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EADS Reorganizes, Acknowledges Success of SpaceX

By Doug Messier
Parabolic Arc
January 5, 2014
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Falcon 9 lifts off with the SES-8 satellite. (Credit: SpaceX)

Falcon 9 lifts off with the SES-8 satellite. (Credit: SpaceX)

Europe’s largest defense and aerospace company, EADS, has recently restructured and re-branded its operations and announced a series of planned layoffs designed to make the company leaner and more competitive. In the process, officials have acknowledged the competitive pressures placed on it by SpaceX.

EADS re-organized itself as the Airbus Group, with three divisions that include Airbus, Airbus Defence & Space, and Airbus Helicopters. The Airbus Defence & Space group includes the space company formerly known as Astrium.

Space News reports that in briefings last month, Airbus officials acknowledged the success of their American rival SpaceX.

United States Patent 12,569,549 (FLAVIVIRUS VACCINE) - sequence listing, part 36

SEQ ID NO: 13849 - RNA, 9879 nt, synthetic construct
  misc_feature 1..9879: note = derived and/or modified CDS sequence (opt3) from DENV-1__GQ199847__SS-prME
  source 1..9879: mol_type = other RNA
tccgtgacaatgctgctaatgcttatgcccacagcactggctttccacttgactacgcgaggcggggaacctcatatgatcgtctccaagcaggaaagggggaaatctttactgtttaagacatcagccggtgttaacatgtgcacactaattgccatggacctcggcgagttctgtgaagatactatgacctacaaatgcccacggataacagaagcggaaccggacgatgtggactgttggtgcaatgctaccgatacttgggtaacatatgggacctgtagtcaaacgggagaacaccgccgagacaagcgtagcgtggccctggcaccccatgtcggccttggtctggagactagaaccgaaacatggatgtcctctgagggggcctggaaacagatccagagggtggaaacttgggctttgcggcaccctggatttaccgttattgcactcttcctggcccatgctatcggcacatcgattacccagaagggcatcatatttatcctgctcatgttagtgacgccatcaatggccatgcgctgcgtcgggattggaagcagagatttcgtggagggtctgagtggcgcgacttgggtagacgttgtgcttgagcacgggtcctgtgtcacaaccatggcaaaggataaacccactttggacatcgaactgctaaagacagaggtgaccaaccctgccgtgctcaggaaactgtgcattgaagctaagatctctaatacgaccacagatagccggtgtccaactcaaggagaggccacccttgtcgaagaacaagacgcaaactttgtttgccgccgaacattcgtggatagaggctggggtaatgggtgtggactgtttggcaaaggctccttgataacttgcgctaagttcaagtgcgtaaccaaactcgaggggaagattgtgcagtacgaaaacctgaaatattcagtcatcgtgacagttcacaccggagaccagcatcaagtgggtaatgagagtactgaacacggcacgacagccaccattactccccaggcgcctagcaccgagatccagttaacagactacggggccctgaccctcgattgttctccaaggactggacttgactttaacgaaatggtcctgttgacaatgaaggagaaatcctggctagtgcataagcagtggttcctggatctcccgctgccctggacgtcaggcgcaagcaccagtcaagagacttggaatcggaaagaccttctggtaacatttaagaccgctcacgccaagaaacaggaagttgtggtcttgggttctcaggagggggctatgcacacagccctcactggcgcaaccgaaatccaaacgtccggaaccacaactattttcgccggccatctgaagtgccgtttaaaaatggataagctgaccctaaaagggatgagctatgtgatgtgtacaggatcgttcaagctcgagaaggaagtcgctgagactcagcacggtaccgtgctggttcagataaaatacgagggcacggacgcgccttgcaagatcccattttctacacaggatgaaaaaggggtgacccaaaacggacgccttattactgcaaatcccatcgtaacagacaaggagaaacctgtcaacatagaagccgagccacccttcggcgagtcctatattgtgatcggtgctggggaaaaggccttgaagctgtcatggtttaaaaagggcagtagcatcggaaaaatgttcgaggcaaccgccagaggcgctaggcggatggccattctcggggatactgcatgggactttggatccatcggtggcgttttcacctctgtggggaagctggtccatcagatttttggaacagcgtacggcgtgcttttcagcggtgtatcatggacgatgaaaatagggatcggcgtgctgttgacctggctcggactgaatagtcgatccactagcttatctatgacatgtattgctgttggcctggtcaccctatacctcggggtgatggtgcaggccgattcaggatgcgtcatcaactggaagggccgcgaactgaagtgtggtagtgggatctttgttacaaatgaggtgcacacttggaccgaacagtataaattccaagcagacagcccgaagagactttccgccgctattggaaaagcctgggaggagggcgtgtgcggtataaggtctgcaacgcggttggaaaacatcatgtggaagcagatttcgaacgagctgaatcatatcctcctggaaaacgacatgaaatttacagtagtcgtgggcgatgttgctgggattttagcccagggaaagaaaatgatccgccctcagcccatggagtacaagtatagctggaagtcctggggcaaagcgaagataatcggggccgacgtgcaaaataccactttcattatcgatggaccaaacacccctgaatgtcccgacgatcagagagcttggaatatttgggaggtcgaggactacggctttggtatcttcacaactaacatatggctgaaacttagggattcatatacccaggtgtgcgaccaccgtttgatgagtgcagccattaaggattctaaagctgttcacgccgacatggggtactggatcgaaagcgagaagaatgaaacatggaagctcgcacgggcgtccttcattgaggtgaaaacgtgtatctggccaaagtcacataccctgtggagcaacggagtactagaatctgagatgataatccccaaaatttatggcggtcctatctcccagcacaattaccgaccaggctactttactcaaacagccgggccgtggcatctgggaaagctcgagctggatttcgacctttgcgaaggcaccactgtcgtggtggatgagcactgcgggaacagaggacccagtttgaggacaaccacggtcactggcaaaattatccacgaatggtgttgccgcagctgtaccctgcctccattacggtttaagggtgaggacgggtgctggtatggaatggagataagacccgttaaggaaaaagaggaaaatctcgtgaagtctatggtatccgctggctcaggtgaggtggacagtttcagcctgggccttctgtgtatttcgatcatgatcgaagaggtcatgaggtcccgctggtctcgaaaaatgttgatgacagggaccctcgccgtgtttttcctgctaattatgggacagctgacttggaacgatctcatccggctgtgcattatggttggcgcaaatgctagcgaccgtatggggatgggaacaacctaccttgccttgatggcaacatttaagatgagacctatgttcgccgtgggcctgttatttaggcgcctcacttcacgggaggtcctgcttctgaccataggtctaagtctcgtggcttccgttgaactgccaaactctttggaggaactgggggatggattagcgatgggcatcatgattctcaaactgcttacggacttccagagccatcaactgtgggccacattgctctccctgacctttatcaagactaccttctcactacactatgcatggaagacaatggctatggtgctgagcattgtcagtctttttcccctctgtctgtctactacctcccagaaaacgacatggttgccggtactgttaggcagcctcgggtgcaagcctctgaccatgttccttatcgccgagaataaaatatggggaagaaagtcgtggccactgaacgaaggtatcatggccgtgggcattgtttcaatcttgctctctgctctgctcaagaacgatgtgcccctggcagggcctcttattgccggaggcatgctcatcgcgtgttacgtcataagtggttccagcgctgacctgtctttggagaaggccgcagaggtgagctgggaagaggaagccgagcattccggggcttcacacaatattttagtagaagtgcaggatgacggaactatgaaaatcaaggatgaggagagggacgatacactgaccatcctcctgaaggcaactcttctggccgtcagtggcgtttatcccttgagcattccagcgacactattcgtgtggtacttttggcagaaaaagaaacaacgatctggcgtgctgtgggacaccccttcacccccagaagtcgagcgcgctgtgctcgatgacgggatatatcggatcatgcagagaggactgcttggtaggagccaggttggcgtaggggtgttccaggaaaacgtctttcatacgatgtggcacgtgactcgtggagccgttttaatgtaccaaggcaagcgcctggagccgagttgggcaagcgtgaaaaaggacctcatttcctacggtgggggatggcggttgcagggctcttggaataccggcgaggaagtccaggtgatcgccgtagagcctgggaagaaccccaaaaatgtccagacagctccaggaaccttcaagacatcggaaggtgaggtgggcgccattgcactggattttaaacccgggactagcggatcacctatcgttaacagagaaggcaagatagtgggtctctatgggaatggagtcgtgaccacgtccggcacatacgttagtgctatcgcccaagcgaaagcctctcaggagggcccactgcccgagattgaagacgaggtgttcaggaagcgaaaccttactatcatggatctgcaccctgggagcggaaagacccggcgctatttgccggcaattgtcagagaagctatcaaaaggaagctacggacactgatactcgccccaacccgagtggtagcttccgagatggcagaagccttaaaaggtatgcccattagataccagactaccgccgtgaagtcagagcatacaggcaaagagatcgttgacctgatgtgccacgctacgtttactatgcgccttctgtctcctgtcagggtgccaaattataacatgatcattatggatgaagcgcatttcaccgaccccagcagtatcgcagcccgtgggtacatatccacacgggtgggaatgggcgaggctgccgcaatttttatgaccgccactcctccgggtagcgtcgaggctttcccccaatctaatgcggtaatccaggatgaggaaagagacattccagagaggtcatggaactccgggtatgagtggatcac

“They have been able to work on industrialization of the Falcon rocket without being waylaid by development issues,” said one Airbus official, whose company is prime contractor for Europe’s Ariane 5 rocket.

“They needed nine times the power of their Merlin 1D engine for their intended markets. In Europe we would have attacked the issue with a beautiful [research and development] program, costing hundreds of millions, to develop an engine with nine times the power. What did SpaceX do? They put nine Merlin engines on the Falcon 9 first stage. The result: Problem solved.”

An official said Airbus Defence and Space sent two of its best engineers to SpaceX sometime back to take a close look at the Hawthorne operation and to return with an assessment of whether the SpaceX way of business withstood harsh scrutiny.

“They came back and told us: ‘Yes, they’re going to do it,’’ said one official. “When you consider who these guys were — one was our former chief technical officer, Robert Laine — we pretty much knew then what to expect.”

Airbus officials also discussed the challenges ahead in competing with SpaceX, which include upgrading the Ariane V booster so it can carry heavier loads and designing the Ariane 6 successor. Designing the new booster will be easier than restructuring the current Ariane production system — which involves dozens of companies across Europe — to produce a system that can be built and operated competitively.